OPINION: Parties agree, bill goes too far

From the Chagrin Valley Times

Wednesday, June 14, 2017 11:45 pm

It’s not every day that Republicans and Democrats come up on the same side of an issue, especially one that has drawn a firestorm of attention statewide.

But that appears to be the case with Ohio House Bill 218 introduced by Rep. William Seitz, R-Cincinnati, on May 16. The bill was referred to the Government Accountability and Oversight Committee on May 23, where testimony now is being heard.

The bill would amend section 1545.06 of the Ohio Revised Code to expand a probate court’s powers and duties with regard to park districts. It would allow a probate judge to investigate park district matters, order a person to become party to these proceedings and have the discretion to tax the cost of proceedings “as court costs to be assessed by the court in its discretion,”among other expanded powers.

This isn’t the first time this issue has surfaced in the House. Rep. Seitz attempted to add a similar amendment to the biennium state budget bill. Fortunately it was removed.

Many people have said on the record that Rep. Seitz is friends with Geauga County Probate Judge Timothy Grendell and is doing his bidding. The two served together in the Ohio House of Representatives.

Proponents say the bill puts into writing a ruling by the Ohio Supreme Court that involved Chester Township Trustees, the Chester park board and Judge Grendell. The High Court held that a probate judge does not lack jurisdiction to issue orders attempting to correct activities by park board members and township trustees that may be contrary to the original purpose of the park district.

But just a few weeks ago, the Ohio 11th District Court of Appeals ruled that Judge Grendell exceeded his authority in handling two issues with the Chester Park District – imposing costs of a master commissioner against Chester Township and interceding between the township and park district over a contract dispute.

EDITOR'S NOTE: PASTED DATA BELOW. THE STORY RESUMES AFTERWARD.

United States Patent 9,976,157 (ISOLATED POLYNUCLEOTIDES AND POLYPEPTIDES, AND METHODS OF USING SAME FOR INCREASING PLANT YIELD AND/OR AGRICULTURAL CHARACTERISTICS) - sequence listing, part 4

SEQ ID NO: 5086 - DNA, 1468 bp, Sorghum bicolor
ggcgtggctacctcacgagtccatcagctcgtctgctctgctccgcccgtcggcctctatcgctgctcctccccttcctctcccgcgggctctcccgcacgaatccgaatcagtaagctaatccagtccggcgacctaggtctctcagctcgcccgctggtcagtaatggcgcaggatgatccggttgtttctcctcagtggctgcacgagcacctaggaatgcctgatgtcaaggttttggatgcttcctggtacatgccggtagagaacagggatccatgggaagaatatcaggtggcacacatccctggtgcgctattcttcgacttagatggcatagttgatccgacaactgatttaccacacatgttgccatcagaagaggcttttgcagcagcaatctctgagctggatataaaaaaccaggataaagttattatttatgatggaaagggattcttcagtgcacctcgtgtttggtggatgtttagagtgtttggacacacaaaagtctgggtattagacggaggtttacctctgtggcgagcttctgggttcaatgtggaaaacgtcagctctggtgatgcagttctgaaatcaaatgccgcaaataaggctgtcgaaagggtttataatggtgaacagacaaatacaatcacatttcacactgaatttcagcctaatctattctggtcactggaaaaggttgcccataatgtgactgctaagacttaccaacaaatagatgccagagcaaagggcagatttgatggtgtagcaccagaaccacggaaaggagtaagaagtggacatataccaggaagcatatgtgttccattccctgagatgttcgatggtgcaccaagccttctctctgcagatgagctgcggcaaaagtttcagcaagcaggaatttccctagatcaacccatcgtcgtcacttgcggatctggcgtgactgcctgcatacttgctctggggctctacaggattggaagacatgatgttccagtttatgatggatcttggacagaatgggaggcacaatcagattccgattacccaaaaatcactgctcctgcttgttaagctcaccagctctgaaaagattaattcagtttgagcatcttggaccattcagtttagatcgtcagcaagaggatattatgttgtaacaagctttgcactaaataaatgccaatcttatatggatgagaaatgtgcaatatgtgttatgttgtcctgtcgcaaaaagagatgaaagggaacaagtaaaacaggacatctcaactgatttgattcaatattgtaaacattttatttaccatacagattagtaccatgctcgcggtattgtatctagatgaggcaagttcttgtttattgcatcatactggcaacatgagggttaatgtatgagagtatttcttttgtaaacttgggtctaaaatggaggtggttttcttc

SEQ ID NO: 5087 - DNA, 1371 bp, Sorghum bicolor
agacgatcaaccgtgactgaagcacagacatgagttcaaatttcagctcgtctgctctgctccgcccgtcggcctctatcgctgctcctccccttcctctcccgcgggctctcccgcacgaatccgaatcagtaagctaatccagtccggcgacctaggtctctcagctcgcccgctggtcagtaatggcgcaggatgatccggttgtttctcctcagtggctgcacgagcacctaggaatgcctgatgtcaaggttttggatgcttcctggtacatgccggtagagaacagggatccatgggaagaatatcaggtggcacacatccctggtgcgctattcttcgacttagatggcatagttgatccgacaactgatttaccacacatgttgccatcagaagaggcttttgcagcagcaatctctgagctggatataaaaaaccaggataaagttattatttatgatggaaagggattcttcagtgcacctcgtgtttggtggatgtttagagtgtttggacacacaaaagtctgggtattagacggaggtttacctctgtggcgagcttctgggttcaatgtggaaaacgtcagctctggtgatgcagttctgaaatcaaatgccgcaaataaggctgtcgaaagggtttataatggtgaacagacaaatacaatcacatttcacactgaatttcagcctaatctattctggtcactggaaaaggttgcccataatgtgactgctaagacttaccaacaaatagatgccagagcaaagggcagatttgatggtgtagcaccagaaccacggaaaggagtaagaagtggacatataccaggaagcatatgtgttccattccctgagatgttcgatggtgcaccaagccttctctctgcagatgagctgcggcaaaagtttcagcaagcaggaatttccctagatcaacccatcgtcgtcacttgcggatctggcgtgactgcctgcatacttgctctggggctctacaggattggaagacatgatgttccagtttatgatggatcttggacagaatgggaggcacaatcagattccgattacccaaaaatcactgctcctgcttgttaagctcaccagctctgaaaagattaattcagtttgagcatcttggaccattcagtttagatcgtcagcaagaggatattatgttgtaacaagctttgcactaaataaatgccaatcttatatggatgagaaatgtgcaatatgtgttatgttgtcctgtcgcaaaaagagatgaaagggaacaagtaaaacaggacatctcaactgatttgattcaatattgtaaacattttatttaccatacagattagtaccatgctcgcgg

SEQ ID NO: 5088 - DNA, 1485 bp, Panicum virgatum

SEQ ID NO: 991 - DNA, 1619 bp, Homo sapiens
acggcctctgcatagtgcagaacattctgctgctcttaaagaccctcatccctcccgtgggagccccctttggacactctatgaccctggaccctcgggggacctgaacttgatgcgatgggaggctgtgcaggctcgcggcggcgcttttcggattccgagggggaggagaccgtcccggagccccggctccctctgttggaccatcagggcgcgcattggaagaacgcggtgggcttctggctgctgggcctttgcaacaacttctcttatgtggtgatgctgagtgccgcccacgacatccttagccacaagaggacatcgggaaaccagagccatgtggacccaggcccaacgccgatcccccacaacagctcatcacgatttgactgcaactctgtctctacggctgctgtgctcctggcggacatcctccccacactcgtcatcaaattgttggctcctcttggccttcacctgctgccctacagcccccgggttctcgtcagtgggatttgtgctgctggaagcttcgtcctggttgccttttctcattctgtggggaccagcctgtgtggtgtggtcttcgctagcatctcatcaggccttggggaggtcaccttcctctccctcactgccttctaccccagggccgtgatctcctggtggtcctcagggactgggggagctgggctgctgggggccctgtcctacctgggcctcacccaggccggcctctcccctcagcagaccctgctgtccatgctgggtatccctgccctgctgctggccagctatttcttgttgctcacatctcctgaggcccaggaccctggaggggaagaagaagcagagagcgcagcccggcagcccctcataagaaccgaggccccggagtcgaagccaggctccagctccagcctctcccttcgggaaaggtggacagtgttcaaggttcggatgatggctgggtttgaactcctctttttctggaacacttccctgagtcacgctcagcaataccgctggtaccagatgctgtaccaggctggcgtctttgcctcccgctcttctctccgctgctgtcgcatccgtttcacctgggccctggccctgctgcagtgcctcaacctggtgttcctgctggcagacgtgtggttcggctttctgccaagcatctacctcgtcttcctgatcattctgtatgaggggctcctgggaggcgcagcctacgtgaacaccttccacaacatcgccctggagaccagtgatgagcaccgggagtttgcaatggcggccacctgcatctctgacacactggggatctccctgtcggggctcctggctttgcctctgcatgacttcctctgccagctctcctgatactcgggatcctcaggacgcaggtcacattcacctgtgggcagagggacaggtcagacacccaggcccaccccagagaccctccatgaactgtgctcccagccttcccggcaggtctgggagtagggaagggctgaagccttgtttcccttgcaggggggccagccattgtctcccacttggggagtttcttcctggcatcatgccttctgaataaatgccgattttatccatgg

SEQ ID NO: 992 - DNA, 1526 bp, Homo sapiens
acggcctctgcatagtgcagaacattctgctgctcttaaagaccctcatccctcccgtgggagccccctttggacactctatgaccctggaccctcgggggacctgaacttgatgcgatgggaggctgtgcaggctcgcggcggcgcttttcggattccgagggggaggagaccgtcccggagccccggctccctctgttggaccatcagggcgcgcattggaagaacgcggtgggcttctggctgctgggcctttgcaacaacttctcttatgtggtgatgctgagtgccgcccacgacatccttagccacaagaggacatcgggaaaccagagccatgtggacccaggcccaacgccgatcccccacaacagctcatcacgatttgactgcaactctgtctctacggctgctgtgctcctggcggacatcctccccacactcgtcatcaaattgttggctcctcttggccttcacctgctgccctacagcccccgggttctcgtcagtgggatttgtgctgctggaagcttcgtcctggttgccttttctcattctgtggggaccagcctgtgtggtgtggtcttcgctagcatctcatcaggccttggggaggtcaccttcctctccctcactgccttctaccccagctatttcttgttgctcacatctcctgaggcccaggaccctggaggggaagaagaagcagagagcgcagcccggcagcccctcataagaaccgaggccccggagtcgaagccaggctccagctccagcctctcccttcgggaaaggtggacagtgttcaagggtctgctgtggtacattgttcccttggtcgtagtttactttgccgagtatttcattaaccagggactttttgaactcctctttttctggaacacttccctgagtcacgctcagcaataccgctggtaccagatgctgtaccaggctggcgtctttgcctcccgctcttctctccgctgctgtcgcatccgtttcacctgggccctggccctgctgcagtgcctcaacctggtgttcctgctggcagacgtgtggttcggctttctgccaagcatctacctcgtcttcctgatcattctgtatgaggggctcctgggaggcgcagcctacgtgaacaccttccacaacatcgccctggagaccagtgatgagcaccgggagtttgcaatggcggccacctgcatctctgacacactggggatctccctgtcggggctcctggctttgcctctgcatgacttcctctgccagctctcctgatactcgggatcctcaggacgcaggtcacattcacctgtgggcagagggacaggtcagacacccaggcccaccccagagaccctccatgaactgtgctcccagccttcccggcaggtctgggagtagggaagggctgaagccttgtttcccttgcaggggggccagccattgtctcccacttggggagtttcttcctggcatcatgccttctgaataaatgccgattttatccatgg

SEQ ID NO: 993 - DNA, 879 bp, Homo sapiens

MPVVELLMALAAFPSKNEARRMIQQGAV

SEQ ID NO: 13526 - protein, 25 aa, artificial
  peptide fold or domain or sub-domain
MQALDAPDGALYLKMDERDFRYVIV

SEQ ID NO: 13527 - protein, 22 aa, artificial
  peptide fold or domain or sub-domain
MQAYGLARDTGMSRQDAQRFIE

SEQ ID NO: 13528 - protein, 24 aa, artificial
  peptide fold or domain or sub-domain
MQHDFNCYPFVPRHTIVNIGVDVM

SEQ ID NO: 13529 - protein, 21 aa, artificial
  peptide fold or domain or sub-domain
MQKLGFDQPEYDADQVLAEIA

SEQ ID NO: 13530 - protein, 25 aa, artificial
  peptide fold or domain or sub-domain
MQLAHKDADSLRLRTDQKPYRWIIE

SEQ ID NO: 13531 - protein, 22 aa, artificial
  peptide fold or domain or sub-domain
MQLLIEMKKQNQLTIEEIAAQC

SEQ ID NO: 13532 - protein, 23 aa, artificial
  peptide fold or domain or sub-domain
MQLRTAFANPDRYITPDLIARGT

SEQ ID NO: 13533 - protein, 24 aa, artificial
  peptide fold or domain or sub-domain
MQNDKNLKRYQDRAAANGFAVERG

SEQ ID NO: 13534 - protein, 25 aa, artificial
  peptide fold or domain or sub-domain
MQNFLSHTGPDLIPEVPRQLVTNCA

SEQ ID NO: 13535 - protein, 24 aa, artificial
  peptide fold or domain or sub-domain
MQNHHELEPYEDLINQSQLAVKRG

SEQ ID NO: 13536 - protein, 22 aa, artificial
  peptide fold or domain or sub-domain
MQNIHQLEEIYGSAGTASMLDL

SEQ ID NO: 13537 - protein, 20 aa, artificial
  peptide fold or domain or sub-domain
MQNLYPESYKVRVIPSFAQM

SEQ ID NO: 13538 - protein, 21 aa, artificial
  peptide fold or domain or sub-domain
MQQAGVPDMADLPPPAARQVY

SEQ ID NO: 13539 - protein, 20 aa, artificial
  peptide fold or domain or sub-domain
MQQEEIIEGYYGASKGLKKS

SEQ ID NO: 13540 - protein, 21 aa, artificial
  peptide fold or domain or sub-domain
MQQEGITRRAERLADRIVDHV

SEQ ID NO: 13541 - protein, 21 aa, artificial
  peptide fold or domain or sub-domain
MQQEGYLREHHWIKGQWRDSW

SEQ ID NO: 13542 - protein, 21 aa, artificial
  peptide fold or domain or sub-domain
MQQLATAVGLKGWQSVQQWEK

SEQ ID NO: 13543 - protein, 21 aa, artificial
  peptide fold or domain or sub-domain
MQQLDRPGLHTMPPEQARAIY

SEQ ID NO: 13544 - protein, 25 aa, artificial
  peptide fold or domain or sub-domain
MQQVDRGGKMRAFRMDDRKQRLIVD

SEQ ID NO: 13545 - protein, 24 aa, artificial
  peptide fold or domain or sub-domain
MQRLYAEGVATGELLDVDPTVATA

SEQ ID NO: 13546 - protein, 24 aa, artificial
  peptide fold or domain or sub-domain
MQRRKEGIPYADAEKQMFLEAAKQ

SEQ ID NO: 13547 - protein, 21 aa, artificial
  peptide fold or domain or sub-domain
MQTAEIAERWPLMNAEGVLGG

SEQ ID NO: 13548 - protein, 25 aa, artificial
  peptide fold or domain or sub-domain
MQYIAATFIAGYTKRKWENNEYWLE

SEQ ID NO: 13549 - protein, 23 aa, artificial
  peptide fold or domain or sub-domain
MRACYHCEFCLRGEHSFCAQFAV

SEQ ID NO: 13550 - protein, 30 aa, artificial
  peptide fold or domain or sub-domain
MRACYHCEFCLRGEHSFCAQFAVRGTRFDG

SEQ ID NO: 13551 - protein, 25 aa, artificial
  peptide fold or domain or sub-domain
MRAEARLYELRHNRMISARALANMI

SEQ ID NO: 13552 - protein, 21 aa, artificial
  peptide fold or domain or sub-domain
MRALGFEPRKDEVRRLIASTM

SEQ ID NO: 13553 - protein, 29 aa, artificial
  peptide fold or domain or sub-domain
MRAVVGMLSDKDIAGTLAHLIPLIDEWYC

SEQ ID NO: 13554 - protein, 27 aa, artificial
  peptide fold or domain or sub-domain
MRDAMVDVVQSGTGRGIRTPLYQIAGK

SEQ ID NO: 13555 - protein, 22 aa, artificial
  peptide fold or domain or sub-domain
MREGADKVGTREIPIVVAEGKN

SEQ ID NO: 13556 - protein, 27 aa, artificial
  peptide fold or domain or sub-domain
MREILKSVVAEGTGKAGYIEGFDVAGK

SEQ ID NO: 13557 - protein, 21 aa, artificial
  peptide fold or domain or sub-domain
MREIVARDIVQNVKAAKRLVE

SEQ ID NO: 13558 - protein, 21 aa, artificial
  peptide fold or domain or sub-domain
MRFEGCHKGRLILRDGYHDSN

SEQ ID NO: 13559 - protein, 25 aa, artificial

This puts a different spin on the matter of lawmakers expanding judicial powers.

Opponents say HB 218 goes too far and that it’s a reaction to issues boiling over in Geauga County but nowhere else in the state. Judge Grendell has been at odds with a number of groups over purpose of parks and park operations on both county and township levels.

Geauga County Prosecutor Jim Flaiz said the bill contains unconstitutional and vague language that would allow a court to investigate matters going against the judicial canons of ethical conduct.

The Geauga County Democratic Party Executive Committee last week approved a resolution opposing HB 218. Chairwoman Janet Carson said the bill isn’t needed statewide and local issues should be worked out through discussions and mediation, if necessary.

On Tuesday night, the Geauga County Republican Executive Committee also came out against HB 218. Among those voicing opposition were Chester Trustee Kenneth Radtke and party Chairwoman and Chardon Mayor Nancy McArthur. The committee of 39 people voted unanimously to oppose the bill.

We are concerned about the possibility of judicial overreach that this bill could allow. We agree that probate courts don’t need these additional powers. The law on the books is clear. Impartial probate judges make sure the park districts are created legally, appoint board members and then step back so park commissioners can do their jobs. 

Categories: Commentary, News

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